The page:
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April 14, 2015 | Posted in Uncategorized | Be the first one to comment

Most people realize that the mouth is as much a part of the body as the hip and leg bones.  But did you know that diseases, aging and medications that affect the hip bone or other bones also affect your jaw bone?  Osteoporosis means "porous bone," less density, less hardness. In your lifetime, your bone remodels, but as we age, the rate of bone growth decreases.  What causes osteoporosis?

The most significant factor leading to osteoporosis is menopause.  Other factors are genetics, age, activity and nutrition.  Osteoporosis is more common and significant in white women and Asian women.  Unfortunately, when a person loses bone mass, it affects your jaw bone that supports your teeth.  If you have osteoporosis and periodontal disease (bone and gum infection) you'll lose the supporting bone that holds your teeth in place at a faster rate.

What can you do? Diet, exercise and perhaps a bone density scan in consultation with your physician may be in order.  How does diet play a role in the health of the bone in your mouth? The nutrition that supports bone growth also resists osteoporosis.  Proper nutrition centers around protein, calcium and vitamin D.  But you also need to consider exercise in this mix, because bone that is stimulated thru exercise will respond by thickening.

You can see this bone thickening from exercise by looking at astronauts.  Astronauts lose up to 30% of their bone mass during prolonged space travel, when they're in a zero gravity environment.  Once the astronaut returns to earth, the astronauts regain almost all of their bone with exercise and movement against the pull of gravity.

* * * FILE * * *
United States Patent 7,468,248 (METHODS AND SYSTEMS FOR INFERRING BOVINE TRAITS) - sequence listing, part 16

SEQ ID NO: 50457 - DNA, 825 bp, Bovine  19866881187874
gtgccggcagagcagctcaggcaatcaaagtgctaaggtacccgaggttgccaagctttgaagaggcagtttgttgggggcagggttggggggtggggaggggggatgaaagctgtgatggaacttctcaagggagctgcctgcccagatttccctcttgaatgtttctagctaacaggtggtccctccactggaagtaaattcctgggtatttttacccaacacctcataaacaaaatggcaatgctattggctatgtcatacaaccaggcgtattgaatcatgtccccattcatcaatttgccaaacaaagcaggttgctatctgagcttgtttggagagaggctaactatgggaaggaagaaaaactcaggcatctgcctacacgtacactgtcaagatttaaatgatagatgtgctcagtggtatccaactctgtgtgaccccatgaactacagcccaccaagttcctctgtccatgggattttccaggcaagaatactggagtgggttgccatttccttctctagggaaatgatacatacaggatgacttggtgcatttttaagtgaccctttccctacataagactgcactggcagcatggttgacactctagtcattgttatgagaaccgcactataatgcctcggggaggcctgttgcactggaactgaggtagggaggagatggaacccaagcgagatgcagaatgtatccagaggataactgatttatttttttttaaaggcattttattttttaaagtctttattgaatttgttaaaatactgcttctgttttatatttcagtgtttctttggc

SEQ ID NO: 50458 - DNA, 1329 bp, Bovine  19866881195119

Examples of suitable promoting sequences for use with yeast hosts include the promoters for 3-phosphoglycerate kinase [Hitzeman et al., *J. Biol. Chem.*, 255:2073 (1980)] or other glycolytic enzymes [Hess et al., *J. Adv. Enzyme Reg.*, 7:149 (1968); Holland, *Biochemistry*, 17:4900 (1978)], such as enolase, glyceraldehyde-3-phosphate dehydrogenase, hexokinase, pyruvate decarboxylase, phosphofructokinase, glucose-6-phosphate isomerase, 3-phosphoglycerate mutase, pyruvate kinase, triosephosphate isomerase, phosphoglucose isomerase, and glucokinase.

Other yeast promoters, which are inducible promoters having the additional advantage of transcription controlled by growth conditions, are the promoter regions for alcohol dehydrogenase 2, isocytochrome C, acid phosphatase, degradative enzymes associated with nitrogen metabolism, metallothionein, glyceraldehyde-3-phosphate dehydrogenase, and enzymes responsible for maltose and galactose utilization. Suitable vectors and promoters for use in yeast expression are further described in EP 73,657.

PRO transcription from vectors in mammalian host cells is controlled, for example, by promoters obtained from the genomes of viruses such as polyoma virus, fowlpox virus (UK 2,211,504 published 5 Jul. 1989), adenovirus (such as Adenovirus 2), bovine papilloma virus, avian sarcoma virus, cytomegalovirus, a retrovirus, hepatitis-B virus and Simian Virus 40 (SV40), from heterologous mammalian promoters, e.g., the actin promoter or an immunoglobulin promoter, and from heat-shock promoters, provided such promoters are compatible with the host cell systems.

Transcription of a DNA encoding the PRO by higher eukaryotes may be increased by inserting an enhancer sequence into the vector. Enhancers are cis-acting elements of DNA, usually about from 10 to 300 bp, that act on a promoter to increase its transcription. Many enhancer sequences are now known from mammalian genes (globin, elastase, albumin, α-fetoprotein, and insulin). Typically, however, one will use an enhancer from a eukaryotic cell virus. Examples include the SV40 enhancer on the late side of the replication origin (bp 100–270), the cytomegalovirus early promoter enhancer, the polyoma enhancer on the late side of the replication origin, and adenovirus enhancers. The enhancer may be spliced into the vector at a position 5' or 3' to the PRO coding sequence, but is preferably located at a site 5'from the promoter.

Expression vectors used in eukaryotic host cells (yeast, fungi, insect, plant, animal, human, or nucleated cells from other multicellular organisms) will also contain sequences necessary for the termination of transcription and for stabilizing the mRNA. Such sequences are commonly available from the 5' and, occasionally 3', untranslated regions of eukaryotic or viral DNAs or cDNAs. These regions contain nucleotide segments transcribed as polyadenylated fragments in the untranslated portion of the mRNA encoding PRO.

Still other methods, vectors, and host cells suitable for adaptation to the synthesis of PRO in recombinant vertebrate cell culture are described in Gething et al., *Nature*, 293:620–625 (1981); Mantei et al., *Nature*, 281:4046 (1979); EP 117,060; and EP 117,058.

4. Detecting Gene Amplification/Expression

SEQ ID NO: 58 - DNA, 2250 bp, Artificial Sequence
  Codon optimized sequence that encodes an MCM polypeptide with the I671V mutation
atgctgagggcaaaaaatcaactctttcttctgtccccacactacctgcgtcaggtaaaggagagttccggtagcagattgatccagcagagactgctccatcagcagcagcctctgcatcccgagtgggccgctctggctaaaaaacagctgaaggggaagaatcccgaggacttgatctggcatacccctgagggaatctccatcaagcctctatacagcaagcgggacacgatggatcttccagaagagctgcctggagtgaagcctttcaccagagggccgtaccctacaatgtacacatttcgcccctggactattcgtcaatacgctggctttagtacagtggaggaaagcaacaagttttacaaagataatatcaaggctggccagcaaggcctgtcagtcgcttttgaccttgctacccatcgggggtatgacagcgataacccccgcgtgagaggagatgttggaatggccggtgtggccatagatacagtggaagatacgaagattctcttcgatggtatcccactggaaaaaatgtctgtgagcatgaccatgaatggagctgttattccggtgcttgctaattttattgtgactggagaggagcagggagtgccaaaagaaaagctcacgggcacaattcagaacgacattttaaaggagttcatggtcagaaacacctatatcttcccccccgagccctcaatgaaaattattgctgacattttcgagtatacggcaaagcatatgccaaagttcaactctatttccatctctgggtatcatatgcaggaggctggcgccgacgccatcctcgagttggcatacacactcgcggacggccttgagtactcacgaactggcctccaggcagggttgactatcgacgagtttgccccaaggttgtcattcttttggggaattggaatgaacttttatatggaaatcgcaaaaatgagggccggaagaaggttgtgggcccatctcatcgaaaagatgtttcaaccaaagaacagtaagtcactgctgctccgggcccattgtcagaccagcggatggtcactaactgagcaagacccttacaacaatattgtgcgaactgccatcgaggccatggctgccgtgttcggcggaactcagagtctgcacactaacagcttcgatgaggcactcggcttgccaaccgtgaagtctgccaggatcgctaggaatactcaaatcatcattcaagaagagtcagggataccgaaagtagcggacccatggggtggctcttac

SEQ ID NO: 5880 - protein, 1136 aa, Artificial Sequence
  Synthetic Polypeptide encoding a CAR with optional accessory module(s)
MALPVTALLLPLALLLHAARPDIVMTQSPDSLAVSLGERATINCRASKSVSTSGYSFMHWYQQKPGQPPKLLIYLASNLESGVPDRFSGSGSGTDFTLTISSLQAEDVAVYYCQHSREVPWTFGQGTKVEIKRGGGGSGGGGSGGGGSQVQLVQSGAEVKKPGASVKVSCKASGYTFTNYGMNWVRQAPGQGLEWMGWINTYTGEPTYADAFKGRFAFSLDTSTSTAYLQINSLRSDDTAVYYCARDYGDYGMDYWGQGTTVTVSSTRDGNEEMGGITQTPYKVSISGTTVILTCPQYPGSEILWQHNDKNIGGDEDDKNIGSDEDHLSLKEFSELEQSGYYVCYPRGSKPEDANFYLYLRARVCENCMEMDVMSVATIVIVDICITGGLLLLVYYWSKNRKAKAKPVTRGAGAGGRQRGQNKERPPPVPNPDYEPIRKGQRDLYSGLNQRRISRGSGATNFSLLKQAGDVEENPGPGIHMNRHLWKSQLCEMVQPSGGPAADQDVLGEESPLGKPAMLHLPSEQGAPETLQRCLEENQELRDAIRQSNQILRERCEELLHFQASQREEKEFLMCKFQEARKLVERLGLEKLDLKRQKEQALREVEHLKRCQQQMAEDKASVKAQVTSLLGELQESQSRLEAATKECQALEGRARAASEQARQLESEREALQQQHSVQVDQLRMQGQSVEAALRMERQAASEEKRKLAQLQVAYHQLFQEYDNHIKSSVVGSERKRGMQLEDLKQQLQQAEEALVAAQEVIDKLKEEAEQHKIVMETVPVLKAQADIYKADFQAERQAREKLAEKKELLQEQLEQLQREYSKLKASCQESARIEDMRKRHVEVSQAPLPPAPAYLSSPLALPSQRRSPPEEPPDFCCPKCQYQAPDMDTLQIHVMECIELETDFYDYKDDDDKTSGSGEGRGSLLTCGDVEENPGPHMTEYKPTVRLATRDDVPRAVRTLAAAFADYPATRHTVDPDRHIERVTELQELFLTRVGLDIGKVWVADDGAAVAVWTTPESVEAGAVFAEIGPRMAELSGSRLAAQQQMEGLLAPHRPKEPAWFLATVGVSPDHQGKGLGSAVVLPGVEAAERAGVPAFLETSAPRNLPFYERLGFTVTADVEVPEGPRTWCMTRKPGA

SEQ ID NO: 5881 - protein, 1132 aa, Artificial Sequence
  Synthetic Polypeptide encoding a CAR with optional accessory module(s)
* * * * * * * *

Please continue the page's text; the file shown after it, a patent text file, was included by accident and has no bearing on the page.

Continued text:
Like astronauts, I see patients with periodontal disease regain bone density with the placement of implants.  Once the implant is "functionally loaded," meaning you're putting stress on your new crown or restoration, the bone around the implant is essentially getting exercised.  This is especially true for implants that are placed in a bone graft. The bone density increases once the implant is restored.

What else can you do to prevent bone loss, in addition to exercise, diet and mineral supplementation? You can prevent jaw bone destruction by treating periodontal disease (gum and bone disease). There are new ways of treating periodontal disease that you should be informed about.  Did you know that there are specific tests that can be done with a simple saline rinse and spit?

This easy oral rinse testing can identify the particular bacteria that are causing your periodontal disease. You can be treated with specific antibiotics targeting your bacteria mix and understand the best treatment for your disease. Also, you can test for the genetic predisposition of your children and grandchildren's hereditary tendency to get periodontal disease.  Your family can then be proactive in the health of their teeth, gum and bone. Lastly, this testing can tell you if you've been exposed to the HPV virus strains that are causing head and neck cancer.

The great news is, times have changed in dentistry.  You don't have to lose teeth or jawbone and you can be healthier.  For more information on this innovative treatment process, contact me at Rhonda@UpTownDentalGigHarbor.com

-Rhonda R. Savage, DDS

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